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Three Lessons From Nairobi and Kigali

By Joshua Weissburg | Mon Jan 25 2010

When I returned the week before last from a trip to Nairobi and Kigali, my brain felt like it had eaten a huge meal and needed to digest. I've had a chance over the past two weeks to review the many conversations I had with business owners and public and private sector leaders. (I think I doubled the weekly revenues of a few coffee shops in Nairobi and Kigali.) After some reflection, three themes have bubbled to the surface:
  1. Capital-starved does not equal capital ready.
    Most small businesses in Kenya and Rwanda are capital-starved -- even ones that are turning a profit. But in the vast majority of cases, there is much pre-work to be done within the business to lay the foundation upon which an infusion of capital can grow the business. Without this pre-work, capital can exacerbate unresolved issues and ultimately hurt the business.
  2. Business owners in search of capital need to understand exactly what their options are.
    Equity is a powerful, patient instrument that will help close the gap between SMEs and big business in East Africa. But it comes with a set of responsibilities and expectations that are poorly understood, for the most part, by business owners. Yes, equity entails some loss of control -- but also a host of connections and resources that can propel the business in new ways. Owners need a place to think hard about not just how much, but also what kind, of financing will serve their business best. There is a lot more to capital than money.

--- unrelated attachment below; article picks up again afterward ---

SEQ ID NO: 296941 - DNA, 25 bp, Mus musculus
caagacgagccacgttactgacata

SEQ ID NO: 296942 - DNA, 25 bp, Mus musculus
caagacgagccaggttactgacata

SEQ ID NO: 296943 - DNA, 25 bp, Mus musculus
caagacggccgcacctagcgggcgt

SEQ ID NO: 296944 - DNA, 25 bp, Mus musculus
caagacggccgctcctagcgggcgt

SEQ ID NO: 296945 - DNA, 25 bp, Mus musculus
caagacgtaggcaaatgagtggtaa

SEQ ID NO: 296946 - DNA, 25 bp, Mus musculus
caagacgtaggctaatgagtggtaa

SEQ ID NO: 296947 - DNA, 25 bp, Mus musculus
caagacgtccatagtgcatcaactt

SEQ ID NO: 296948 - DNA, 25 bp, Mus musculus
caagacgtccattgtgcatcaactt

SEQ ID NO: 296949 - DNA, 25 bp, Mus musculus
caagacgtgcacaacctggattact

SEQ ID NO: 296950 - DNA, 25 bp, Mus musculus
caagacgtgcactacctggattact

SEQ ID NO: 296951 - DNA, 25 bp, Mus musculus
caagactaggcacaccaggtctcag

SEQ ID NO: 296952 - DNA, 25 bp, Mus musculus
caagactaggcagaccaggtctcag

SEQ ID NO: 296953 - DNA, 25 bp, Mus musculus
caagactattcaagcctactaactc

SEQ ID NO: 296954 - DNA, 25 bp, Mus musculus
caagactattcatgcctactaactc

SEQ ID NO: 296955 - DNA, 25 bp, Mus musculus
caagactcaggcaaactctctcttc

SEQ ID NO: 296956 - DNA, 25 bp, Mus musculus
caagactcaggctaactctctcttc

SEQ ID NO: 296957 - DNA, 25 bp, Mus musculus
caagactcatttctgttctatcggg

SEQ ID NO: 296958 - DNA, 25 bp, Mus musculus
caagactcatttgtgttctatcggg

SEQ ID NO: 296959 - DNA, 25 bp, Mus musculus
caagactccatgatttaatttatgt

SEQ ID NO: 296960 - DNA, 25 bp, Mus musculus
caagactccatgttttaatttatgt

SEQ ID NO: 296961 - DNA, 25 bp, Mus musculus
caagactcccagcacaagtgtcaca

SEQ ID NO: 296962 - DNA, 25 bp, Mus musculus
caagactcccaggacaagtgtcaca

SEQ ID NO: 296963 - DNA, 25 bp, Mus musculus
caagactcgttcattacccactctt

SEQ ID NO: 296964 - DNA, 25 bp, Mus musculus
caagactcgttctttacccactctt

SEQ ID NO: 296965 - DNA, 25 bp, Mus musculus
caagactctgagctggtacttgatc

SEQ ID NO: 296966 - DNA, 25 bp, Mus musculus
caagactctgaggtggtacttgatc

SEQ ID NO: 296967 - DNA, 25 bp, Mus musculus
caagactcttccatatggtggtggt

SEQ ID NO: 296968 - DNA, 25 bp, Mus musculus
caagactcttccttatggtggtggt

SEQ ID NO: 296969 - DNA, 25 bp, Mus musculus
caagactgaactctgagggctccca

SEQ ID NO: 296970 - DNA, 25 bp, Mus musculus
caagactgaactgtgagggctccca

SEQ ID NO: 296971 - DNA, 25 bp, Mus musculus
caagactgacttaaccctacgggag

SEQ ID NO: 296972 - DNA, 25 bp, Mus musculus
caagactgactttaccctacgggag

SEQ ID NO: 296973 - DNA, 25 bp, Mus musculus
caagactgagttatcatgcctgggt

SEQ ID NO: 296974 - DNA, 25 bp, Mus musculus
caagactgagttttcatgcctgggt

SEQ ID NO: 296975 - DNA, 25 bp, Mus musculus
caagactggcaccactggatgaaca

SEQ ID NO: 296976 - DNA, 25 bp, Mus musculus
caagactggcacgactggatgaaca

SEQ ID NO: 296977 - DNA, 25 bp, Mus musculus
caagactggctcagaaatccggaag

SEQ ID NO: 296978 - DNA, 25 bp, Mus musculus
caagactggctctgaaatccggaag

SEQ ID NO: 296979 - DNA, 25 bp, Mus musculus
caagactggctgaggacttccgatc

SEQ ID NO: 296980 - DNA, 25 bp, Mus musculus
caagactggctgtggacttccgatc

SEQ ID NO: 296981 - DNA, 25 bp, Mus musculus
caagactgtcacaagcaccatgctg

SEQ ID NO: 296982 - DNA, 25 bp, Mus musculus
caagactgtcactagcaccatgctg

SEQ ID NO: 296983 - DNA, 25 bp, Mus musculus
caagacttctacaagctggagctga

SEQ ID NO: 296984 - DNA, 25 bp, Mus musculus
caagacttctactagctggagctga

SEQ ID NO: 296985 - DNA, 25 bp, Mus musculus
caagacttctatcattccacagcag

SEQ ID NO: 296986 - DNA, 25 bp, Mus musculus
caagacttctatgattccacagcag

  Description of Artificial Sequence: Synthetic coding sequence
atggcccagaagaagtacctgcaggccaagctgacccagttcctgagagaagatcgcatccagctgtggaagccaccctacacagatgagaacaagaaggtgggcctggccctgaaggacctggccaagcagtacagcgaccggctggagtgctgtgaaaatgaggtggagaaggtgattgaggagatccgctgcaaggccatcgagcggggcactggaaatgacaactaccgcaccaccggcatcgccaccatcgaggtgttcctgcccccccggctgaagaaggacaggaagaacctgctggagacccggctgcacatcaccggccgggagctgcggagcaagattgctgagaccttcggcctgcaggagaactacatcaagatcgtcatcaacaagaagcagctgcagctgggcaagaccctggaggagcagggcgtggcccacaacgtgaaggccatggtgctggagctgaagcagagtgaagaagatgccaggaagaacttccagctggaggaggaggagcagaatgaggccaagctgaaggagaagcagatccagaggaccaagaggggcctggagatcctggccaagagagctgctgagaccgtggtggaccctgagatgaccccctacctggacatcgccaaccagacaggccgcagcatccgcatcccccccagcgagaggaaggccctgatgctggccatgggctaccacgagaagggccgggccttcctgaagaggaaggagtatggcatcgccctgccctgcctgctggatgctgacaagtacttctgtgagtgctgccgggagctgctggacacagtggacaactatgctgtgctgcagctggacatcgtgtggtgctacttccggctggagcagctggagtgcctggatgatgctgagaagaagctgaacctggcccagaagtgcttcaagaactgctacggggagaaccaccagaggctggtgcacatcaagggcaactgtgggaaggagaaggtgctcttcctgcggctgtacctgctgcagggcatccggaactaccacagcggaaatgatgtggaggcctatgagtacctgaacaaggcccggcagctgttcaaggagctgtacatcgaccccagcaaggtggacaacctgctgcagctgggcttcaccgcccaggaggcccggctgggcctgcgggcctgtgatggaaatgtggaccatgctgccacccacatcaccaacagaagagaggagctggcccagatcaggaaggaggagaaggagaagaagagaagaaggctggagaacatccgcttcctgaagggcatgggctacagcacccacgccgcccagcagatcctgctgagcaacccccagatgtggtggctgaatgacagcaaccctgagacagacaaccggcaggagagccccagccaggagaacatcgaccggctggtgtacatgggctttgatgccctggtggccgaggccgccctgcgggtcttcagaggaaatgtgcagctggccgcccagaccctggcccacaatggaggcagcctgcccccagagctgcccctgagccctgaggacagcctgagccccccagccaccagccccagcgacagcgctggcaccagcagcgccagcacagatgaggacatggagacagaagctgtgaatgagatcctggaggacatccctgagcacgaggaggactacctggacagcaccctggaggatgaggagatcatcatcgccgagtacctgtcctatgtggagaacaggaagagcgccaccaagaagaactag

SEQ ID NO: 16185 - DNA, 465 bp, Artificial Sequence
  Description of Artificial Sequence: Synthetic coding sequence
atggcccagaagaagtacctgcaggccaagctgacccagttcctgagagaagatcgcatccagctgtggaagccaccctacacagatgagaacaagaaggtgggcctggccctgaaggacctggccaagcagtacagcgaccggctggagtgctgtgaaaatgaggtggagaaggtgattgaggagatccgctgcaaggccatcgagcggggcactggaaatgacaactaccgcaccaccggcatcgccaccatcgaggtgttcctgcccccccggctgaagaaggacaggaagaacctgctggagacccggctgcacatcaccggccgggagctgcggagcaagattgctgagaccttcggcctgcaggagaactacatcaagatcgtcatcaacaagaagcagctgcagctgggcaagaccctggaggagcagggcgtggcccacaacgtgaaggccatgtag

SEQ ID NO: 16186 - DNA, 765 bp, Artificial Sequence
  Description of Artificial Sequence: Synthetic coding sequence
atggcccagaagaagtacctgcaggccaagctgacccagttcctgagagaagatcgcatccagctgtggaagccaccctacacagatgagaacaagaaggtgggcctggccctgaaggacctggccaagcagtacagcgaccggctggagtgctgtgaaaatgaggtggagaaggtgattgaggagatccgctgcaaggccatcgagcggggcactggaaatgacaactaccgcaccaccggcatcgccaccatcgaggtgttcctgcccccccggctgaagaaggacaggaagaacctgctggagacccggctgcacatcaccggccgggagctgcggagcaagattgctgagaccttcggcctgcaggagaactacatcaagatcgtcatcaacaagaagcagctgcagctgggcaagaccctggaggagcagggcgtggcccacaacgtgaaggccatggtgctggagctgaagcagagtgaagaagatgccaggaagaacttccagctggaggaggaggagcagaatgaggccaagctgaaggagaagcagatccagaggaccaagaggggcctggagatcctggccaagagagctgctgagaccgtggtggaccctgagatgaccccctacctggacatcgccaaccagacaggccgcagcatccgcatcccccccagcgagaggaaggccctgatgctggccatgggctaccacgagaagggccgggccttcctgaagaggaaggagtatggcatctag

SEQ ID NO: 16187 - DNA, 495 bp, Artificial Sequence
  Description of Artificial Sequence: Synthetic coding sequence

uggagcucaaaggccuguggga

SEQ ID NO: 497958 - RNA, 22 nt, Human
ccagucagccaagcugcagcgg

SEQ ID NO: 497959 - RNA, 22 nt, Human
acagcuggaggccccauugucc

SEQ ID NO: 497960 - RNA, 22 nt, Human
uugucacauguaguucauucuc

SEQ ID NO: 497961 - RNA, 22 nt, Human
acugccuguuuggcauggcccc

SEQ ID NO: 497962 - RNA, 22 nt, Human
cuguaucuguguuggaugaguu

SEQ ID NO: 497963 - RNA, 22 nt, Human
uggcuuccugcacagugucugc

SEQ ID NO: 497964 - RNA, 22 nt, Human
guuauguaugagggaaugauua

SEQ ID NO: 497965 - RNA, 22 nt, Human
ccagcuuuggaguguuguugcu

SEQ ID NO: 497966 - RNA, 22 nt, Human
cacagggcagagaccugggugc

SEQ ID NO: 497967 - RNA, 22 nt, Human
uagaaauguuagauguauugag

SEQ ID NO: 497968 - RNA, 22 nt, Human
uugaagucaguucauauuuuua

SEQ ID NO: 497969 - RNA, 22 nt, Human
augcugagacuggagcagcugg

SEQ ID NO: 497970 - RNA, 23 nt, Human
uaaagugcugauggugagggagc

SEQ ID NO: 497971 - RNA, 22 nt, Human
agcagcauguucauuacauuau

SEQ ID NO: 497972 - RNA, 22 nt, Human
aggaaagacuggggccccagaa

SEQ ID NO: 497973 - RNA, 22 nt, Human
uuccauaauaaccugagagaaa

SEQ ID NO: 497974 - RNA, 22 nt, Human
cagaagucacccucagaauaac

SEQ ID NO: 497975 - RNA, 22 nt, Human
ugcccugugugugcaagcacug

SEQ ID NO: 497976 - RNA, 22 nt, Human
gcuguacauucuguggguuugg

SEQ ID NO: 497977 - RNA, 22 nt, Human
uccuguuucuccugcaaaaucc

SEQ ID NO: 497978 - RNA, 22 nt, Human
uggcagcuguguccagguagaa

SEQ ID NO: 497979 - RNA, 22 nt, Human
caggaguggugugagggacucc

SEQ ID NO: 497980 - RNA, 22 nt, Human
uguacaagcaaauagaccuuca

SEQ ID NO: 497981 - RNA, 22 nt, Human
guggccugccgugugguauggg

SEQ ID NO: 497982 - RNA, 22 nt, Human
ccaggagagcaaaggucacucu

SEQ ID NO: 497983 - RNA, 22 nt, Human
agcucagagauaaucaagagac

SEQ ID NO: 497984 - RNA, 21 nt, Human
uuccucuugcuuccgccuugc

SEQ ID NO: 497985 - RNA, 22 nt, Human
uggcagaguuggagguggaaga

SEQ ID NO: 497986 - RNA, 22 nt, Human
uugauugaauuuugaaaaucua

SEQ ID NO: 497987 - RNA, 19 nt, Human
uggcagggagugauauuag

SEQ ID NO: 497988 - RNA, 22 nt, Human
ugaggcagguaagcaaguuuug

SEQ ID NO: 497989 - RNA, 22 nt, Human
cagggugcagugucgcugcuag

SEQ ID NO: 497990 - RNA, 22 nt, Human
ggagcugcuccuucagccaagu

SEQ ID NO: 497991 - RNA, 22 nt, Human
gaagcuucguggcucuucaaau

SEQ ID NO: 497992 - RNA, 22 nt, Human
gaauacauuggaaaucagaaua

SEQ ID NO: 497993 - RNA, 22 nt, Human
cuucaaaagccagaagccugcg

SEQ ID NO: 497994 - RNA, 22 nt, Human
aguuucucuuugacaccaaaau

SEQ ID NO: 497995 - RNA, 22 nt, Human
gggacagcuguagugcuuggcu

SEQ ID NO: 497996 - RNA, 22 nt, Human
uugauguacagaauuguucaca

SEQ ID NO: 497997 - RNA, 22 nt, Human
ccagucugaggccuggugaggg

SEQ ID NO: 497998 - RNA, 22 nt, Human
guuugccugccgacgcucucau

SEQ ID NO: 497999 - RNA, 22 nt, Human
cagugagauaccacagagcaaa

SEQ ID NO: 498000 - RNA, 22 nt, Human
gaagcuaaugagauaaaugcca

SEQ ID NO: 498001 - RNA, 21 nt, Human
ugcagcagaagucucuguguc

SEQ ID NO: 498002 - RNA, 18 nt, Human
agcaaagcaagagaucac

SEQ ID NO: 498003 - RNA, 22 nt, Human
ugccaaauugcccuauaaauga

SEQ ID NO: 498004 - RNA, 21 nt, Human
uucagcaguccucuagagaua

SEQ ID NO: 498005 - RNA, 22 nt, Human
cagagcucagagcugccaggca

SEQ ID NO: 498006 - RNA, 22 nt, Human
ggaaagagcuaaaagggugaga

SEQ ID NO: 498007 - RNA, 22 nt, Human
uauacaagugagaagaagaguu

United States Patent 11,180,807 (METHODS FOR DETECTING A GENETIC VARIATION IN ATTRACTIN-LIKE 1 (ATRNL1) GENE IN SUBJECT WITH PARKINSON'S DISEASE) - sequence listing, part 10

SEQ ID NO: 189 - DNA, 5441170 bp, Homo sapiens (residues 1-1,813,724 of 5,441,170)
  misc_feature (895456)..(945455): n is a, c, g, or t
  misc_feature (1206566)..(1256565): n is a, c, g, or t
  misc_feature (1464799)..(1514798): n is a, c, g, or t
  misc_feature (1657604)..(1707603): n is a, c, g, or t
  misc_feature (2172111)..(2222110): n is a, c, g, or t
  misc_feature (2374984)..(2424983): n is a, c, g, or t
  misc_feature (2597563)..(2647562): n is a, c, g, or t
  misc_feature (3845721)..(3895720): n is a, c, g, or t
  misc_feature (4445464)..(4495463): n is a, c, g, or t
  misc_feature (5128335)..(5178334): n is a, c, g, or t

3. Managers need a coach, not a consultant.
    Management teams need their capital partners to help implement change, not tell them what to do. Before this trip, I did not really grasp the difference. Both investor and business owner need to be prepared to roll up their sleeves and get to work both "on" the business and "in" the business.
The common theme here is the need to understand your business partner very well. Our team thinks that is best accomplished face-to-face, so RENEW is rolling out a series of workshops this spring in Nairobi, Kigali and Kampala that will help business owners get ready to do business with the West. Stay tuned
Renew Capital is an Africa-focused impact investment firm that backs innovative companies with high-growth potential. Renew Capital manages investments made on behalf of the Renew Capital Angels, a global network of angel investors, foundations and family offices who seek financial returns and sustainable social impact. For the latest on investing in Africa, subscribe and follow us at our social links below.

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